And, obviously, she quickly ran out to tell the doctor, that I was a drug addict, and was exhibiting, ‘drug seeking’ ‘behavior’. As you would expect, the promised shot, never, was forthcoming, and, like you, it SEVERELY chaps my ass, that, that is on my medical file, regardless of where I go!! Like you, my record is impeccable, and, I am ACUTELY, AWARE, that something like that, is the kiss of death, once, it is put on your file/chart…
    I’m sorry for all you have had to deal with, and, how terrible, you have been treated by the medical(when I went to spell medical, I accidentally, spelled medival; how apropos!) field too…

  9. A powerful piece of writing but it’s a shame it had to be written at all. Doctors need to remember why they went into medicine…to help other people. Just because they’ve become jaded doesn’t give them the right to treat patients with disrespect, or label them.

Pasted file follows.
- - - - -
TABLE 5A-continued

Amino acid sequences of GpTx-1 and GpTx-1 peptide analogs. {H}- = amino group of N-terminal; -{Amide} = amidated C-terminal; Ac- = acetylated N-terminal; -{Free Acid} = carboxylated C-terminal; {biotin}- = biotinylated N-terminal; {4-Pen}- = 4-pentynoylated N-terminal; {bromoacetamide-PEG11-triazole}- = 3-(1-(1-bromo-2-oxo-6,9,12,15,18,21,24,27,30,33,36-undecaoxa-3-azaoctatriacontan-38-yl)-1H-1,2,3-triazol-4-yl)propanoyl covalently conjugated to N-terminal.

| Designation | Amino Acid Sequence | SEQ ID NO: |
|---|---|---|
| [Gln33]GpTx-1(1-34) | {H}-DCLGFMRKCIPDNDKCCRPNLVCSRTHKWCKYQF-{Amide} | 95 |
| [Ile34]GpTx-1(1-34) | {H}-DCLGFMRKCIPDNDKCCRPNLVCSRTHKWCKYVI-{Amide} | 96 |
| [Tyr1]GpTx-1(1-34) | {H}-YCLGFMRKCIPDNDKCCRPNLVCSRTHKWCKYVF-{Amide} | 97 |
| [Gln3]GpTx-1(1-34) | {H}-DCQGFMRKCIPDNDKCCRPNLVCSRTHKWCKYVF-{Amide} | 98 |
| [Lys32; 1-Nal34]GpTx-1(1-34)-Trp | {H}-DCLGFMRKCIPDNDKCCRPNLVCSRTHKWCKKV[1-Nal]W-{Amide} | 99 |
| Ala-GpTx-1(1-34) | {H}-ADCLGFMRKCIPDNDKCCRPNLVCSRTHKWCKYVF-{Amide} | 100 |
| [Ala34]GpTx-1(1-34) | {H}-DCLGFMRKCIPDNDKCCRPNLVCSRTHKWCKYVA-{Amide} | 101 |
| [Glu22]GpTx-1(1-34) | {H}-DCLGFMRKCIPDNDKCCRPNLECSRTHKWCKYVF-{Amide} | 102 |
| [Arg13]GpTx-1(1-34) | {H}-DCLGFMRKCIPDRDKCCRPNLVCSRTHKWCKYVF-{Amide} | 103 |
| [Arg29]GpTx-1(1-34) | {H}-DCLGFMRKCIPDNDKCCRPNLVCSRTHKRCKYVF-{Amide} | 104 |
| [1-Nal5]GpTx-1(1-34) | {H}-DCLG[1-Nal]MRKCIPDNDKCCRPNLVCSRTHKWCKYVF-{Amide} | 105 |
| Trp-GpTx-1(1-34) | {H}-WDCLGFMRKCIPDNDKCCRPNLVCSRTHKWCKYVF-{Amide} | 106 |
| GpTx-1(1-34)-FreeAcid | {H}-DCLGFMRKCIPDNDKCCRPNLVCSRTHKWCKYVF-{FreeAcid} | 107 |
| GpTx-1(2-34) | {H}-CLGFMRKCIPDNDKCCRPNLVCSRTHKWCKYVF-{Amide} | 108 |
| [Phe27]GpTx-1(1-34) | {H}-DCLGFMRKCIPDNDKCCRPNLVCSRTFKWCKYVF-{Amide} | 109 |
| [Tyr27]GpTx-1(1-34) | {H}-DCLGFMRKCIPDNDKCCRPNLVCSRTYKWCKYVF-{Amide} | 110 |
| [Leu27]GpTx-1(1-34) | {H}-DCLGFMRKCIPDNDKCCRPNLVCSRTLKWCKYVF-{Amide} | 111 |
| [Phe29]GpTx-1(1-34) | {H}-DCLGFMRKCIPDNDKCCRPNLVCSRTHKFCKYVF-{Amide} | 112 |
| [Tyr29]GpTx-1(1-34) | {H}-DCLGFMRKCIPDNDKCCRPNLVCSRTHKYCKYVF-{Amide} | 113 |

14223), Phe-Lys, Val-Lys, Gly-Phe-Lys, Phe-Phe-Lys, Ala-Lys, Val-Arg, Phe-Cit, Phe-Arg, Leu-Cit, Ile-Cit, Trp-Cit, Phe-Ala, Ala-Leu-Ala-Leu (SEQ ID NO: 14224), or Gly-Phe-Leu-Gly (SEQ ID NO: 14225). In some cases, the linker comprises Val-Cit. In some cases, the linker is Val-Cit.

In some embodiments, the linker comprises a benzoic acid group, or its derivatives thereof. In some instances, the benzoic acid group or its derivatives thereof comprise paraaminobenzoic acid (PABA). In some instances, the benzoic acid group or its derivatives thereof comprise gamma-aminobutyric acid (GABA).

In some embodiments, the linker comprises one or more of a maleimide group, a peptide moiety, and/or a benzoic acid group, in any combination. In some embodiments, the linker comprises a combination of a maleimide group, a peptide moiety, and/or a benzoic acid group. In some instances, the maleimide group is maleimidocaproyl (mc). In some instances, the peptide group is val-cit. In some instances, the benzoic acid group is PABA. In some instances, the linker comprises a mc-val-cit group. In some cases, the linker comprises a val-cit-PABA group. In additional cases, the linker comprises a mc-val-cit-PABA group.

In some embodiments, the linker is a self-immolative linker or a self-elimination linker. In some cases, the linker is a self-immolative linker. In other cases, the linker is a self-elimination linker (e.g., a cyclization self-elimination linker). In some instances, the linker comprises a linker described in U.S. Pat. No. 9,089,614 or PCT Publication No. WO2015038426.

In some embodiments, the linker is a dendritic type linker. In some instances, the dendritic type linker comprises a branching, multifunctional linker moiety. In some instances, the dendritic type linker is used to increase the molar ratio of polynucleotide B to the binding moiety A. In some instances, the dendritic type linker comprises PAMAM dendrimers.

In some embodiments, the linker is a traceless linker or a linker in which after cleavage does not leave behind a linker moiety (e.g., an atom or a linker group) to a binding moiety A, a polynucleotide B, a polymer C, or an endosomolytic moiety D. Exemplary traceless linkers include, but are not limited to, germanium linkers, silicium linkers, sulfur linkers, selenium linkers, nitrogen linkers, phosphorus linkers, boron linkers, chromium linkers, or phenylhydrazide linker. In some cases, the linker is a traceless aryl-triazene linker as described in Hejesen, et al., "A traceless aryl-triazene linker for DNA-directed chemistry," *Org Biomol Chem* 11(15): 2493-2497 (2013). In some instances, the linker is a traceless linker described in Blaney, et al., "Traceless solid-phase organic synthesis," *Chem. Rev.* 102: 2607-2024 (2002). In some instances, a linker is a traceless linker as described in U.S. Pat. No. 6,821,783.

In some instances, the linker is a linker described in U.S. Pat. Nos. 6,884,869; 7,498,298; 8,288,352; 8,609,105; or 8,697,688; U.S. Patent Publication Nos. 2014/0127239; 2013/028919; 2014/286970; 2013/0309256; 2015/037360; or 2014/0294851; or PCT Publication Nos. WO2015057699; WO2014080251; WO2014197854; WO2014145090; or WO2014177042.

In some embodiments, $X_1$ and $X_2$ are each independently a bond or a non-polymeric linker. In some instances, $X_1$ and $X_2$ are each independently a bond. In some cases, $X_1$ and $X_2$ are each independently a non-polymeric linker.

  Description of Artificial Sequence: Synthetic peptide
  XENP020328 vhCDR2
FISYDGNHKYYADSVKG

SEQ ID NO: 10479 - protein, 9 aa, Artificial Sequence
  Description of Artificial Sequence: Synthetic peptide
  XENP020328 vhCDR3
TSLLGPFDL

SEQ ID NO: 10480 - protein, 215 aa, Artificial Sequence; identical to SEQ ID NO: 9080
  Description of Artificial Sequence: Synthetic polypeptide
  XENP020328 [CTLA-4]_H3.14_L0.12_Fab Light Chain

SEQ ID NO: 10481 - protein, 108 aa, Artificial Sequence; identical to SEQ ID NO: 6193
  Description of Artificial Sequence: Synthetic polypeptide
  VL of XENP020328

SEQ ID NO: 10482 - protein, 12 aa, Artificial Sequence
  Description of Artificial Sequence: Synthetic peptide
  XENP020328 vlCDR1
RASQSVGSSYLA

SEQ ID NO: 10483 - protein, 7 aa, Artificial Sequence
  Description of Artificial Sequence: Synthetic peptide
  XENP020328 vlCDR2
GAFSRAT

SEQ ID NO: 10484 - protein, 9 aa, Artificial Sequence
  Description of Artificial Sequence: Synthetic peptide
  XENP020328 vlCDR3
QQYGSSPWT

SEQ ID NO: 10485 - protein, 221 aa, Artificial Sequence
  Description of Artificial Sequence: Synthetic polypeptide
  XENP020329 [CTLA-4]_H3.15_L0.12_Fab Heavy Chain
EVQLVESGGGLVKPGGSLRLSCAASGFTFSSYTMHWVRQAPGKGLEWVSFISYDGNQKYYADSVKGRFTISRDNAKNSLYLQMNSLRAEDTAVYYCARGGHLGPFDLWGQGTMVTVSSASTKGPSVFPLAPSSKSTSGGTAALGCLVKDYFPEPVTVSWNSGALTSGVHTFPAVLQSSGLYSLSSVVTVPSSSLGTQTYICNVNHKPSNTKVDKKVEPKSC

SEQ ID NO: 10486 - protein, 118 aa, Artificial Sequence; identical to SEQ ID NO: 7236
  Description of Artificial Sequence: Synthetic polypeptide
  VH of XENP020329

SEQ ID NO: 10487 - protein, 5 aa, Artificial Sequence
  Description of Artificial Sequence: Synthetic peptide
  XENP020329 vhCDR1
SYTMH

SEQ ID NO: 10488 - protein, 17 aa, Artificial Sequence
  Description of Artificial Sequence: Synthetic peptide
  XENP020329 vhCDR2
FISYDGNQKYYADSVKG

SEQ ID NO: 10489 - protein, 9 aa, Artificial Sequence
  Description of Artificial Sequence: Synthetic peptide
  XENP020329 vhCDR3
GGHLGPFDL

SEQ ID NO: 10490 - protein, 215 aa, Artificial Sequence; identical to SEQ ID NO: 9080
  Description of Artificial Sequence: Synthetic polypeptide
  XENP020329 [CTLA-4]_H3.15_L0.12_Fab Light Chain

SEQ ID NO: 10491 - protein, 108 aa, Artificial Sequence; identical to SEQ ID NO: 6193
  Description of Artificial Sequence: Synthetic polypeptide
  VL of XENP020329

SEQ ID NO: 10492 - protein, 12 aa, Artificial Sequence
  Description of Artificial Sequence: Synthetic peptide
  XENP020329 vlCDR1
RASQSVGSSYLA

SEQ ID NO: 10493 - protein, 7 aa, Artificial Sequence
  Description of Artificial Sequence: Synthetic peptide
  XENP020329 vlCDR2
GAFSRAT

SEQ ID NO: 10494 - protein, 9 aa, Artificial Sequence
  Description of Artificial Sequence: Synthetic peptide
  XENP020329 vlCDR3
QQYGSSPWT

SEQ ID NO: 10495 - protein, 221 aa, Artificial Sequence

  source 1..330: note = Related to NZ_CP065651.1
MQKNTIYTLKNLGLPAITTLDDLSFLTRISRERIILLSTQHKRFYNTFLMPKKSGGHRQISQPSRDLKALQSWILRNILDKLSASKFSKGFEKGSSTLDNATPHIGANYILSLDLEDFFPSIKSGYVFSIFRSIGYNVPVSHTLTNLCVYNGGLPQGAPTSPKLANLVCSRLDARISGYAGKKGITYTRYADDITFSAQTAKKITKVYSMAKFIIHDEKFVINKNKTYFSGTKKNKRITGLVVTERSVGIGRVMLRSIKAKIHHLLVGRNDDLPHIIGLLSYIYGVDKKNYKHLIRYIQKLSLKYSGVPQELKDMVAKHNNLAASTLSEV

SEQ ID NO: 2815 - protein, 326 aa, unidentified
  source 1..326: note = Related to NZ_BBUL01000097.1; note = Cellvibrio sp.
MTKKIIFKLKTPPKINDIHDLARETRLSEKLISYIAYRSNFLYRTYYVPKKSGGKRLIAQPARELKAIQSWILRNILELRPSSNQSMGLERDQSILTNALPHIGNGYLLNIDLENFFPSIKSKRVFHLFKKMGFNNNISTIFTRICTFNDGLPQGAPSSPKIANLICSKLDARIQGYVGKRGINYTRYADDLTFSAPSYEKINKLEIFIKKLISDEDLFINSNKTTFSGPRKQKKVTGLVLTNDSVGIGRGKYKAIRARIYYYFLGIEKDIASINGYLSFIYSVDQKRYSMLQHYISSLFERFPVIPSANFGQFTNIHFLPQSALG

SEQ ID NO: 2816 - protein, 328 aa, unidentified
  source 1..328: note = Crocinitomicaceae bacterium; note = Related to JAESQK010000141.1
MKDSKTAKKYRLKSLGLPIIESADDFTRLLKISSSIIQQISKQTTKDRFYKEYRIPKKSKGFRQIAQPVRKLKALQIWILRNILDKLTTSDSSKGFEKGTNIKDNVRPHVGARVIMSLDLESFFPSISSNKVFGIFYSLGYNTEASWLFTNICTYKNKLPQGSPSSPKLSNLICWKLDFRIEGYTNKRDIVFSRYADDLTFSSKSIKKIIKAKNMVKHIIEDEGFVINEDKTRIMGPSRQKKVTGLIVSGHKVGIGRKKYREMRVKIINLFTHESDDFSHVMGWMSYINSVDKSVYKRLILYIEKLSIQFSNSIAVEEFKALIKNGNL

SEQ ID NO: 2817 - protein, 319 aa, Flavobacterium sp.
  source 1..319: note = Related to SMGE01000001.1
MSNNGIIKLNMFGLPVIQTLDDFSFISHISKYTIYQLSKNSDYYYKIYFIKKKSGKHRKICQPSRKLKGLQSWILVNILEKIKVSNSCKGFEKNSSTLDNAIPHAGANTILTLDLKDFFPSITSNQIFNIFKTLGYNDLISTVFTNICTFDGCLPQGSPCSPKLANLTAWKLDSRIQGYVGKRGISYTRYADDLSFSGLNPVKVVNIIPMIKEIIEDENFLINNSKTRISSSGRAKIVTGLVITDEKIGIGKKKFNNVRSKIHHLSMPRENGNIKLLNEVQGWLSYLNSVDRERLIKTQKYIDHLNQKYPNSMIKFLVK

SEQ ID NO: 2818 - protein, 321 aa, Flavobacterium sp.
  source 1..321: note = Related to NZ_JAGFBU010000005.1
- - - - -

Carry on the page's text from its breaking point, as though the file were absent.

I too live with Chronic Pain and detest going to the ER unless I have no other choice, exactly for this reason. I don’t want to be seen as a drug seeker. I don’t want to have that written in my files because 95% of the time when I do go to the ER, pain meds aren’t going to help my problem anyways. I need a different type of treatment.

    You have my sympathy, Vanessa. I’ve been in your shoes and they stink. We need to start re-educating doctors as to what their real job is – to help patients regain control of a medical situation beyond their abilities to manage. I hope the next time you need to go to the ER, you are treated compassionately and with greater care. I hope the next time you NEED to go to the ER, you will. Please don’t let this experience stop you from getting the care you desperately need if something happens to you again.

    ps: Thank God for good nurses!